In operation of the embodiment shown in FIG. 1 with cap C in place, container B is vigorously agitated either in the upright position shown in the figure or an inverted or other position. Such agitation causes enlargement 12 to move through suspension S, which movement at least temporarily liquifies the suspension to facilitate dispensing the same through narrow neck opening N. The movement can take place toward and away from the neck opening because the diameters of loops 16 and 18 are relatively small compared with the central openings defined by the loops. Pivotal or radial movement of enlargement 12 can take place because of the loose joint provided by the loose interengagement between loop 16 and 18. After a brief period of agitation, the container B is restored to its upright position, the cap is removed, and the material can be dispensed in a convenient and controlled manner.
It will be noted in FIG. 1 that elongate member 14 has a length such that enlargement 12 is spaced from neck opening N so as to avoid blocking the neck opening and to avoid restricting the radial or pivotal movement of enlargement 12 through the suspension.
FIG. 2 discloses a modification wherein an elongate member 14' is in the form of chain constituted by a plurality of inter-linked loops 24. The diameter of the loops is substantially less than the openings defined by the respective loops so that both pivotal and axial movement of enlargement 12 with respect to wall W is afforded. The criteria for selecting the material for loop 24 is the same as that referred to above in connection with the embodiment in FIG. 1.
FIG. 3 depicts still another modification of the present invention. The loose fitting joint formed by loops 16 and 18 in FIG. 1 is replaced in the embodiment of FIG. 3 by a loosely fitting ball and socket joint 26. At the end of elongate rod 14 remote from enlargement 12 is a socket 28 which defines a spherical cavity 30. There is a base 32 secured to container wall portion W by adhesive 22; rigid with the base 32 is a ball 34 which has a diameter substantially less than the diameter of spherical cavity 30. Sphere 28 is truncated to form a circular mouth opening 36 which mouth opening has a diameter less than the diameter of ball 30 so as to retain the two parts of the loose fitting joint engaged with one another.
The operation of the embodiment of the invention of FIG. 3 is substantially identical to that disclosed above in connection with FIG. 1. Because ball 34 has a diameter less than spherical cavity 30, elongate rod 14 and enlargement 12 experience the two degrees of movement in response to vigorous agitation of the container of which wall portion W is a part. Consequently the enlargement moves through the thixotropic suspension and liquifies the same preparatory to dispensing the suspension.
Yet a further modification is shown in FIGS. 4 and 4A. In such modification, there are secured to elongate member 14 one or more longitudinally extending vanes 38. There can be two vanes as shown in the embodiment of FIGS. 4 and 4A, or any other suitable number. The vanes enhance the agitation to which the suspension is subjected as enlargement 12 moves pivotally with respect to wall portion W and has the advantage of subjecting the suspension to agitation even when the level of the same is relatively low in container B. The choice of materials for the embodiment of FIGS. 4 and 4A is subject to the same criteria as described above in connection with FIG. 1.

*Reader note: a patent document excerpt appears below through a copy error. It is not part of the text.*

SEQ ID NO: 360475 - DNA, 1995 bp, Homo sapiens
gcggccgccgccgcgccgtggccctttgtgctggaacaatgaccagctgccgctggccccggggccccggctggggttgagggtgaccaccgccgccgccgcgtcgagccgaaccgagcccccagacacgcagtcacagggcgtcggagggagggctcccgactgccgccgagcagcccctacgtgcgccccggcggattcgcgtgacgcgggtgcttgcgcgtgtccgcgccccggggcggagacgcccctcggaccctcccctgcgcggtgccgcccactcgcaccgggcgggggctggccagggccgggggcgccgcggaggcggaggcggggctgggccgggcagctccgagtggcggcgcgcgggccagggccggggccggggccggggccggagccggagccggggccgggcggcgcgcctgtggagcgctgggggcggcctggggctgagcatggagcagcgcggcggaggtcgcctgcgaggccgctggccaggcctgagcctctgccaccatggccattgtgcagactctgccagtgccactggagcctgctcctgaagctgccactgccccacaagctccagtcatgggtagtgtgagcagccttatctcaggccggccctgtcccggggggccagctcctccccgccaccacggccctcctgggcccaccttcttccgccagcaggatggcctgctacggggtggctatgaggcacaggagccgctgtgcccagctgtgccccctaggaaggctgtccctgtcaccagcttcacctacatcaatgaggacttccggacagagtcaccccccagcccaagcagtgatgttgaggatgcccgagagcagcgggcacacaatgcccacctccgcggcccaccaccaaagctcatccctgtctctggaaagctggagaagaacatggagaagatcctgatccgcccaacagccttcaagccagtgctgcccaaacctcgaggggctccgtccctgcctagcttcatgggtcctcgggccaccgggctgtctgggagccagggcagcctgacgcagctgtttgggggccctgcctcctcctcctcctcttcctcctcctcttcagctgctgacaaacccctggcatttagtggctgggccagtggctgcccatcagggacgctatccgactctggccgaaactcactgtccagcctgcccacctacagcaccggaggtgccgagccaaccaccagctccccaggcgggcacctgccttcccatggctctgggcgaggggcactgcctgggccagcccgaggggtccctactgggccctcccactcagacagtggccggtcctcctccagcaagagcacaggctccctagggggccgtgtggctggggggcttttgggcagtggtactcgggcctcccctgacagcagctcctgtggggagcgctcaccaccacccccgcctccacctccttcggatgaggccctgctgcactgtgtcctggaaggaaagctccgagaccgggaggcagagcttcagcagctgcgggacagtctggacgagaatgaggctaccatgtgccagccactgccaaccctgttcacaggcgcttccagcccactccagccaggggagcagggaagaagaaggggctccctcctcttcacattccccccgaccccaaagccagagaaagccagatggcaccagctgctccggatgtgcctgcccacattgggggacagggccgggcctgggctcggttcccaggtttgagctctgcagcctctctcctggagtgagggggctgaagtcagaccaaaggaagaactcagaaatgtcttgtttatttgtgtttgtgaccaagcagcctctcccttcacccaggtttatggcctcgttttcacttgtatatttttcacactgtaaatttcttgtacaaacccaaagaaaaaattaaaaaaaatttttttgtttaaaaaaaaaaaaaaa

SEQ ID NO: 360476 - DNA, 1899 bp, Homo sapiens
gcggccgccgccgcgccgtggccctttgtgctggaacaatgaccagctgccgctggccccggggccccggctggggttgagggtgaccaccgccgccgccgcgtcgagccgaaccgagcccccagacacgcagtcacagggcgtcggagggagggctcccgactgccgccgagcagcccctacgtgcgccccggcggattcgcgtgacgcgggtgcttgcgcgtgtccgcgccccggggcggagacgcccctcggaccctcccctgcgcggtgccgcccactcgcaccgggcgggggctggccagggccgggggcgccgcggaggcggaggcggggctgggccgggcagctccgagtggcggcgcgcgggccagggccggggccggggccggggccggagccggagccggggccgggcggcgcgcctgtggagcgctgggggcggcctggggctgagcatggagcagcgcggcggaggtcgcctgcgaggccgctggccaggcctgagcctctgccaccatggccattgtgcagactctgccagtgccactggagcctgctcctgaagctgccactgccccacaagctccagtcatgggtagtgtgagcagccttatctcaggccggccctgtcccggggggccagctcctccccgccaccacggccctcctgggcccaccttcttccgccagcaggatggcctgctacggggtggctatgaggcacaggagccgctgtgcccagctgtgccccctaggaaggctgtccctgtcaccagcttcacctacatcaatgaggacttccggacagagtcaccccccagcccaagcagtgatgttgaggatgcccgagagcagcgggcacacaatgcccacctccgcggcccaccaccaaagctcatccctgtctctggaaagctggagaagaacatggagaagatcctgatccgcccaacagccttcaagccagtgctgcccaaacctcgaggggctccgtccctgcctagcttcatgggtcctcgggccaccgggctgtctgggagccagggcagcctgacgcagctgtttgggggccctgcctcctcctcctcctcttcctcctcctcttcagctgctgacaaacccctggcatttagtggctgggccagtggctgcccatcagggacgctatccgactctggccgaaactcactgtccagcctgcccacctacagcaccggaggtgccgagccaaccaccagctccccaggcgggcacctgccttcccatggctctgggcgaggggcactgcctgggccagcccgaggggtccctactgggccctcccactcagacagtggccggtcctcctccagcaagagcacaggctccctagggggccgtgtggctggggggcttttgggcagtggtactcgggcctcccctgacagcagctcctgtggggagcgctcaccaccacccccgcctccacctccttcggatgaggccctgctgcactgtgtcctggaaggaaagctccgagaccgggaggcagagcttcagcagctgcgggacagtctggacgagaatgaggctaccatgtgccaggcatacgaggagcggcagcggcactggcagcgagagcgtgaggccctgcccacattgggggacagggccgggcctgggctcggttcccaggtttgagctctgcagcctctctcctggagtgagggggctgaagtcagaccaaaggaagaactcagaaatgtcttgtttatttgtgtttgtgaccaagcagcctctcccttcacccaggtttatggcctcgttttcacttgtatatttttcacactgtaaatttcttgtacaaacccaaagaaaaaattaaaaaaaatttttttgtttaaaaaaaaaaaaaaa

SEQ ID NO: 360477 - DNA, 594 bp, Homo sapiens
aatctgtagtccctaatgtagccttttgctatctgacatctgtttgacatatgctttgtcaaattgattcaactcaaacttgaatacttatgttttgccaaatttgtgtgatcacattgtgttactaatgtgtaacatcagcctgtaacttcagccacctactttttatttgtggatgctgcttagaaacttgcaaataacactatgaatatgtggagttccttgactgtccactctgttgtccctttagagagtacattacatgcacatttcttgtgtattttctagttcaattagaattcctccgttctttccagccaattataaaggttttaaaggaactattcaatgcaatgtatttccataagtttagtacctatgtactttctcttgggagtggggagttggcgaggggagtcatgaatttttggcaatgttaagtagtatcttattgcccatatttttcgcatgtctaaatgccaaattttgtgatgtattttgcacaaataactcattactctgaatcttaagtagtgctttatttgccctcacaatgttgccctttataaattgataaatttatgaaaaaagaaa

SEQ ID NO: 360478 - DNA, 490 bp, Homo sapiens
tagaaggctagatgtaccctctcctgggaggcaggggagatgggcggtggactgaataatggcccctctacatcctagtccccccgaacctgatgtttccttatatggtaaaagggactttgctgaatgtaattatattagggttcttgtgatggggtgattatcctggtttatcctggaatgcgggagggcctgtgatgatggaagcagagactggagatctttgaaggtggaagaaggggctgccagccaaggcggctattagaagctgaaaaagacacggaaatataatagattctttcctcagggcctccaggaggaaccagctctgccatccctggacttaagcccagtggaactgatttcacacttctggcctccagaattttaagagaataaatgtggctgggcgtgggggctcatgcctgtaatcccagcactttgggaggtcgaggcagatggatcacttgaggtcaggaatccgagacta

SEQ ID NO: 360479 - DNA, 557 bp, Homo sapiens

Another alteration of the invention is shown fragmentarily in FIG. 5. In FIG. 5 an enlargement 12' is shown fixed to the distal end of elongate member 14. Centrally of enlargement 12' is a body 40 of relatively heavy material, such as steel or lead. Notwithstanding the relatively toxicity of such material, it does not interact with the material in suspension S because it is totally circumscribed by the material of which enlargement 12' is formed. The alteration shown in FIG. 5 is particularly suitable for relatively thick suspensions in that greater movement can be imparted to the relatively heavier enlargement. The operation of the invention as modified in accordance with FIG. 5 is identical to that described hereinabove.
Another alteration of the invention is shown in FIG. 6 wherein an enlargement 12 is fixed to the distal end of elongate member 14. Near or at the bottom of member 14 is narrow portion 42 which allows agitational movement of enlargement 12 and elongate member 14 during shaking of the container. In this modification elongate member 14 is of one piece construction.
Thus it will be seen that the present invention provides an extremely simple, low cost device that can be quickly and economically produced and installed in existing containers without any modification to the containers. The utility of the containers and the dispensing of their contents is materially enhanced by the present invention because several quick and vigorous shakes will at least partially and temporarily liquify the thixotropic suspension in the container so as to permit dispensing the same in a convenient and controlled manner. The configuration of the agitator of the invention is such as to occupy a very small portion of the volume within container B, and because the agitator is formed of material that is inert with respect to the suspension, it does not interfere with or adversely affect the normal utility of the container and its contents. Although several embodiments have been shown and described, it will be obvious that other adaptations and modifications can be made without departing from the true spirit and scope of the invention.
It should also be understood that the elongate member 14 may be attached to a side wall of the container as well as the bottom wall thereof. With side wall attachment the length of elongate member 14 is limited by the inside diameter of the container.
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|U.S. Classification||366/130, 366/241|
|International Classification||B65D23/04, A47G19/18|
|Cooperative Classification||A47G19/18, B65D23/04|
|European Classification||A47G19/18, B65D23/04|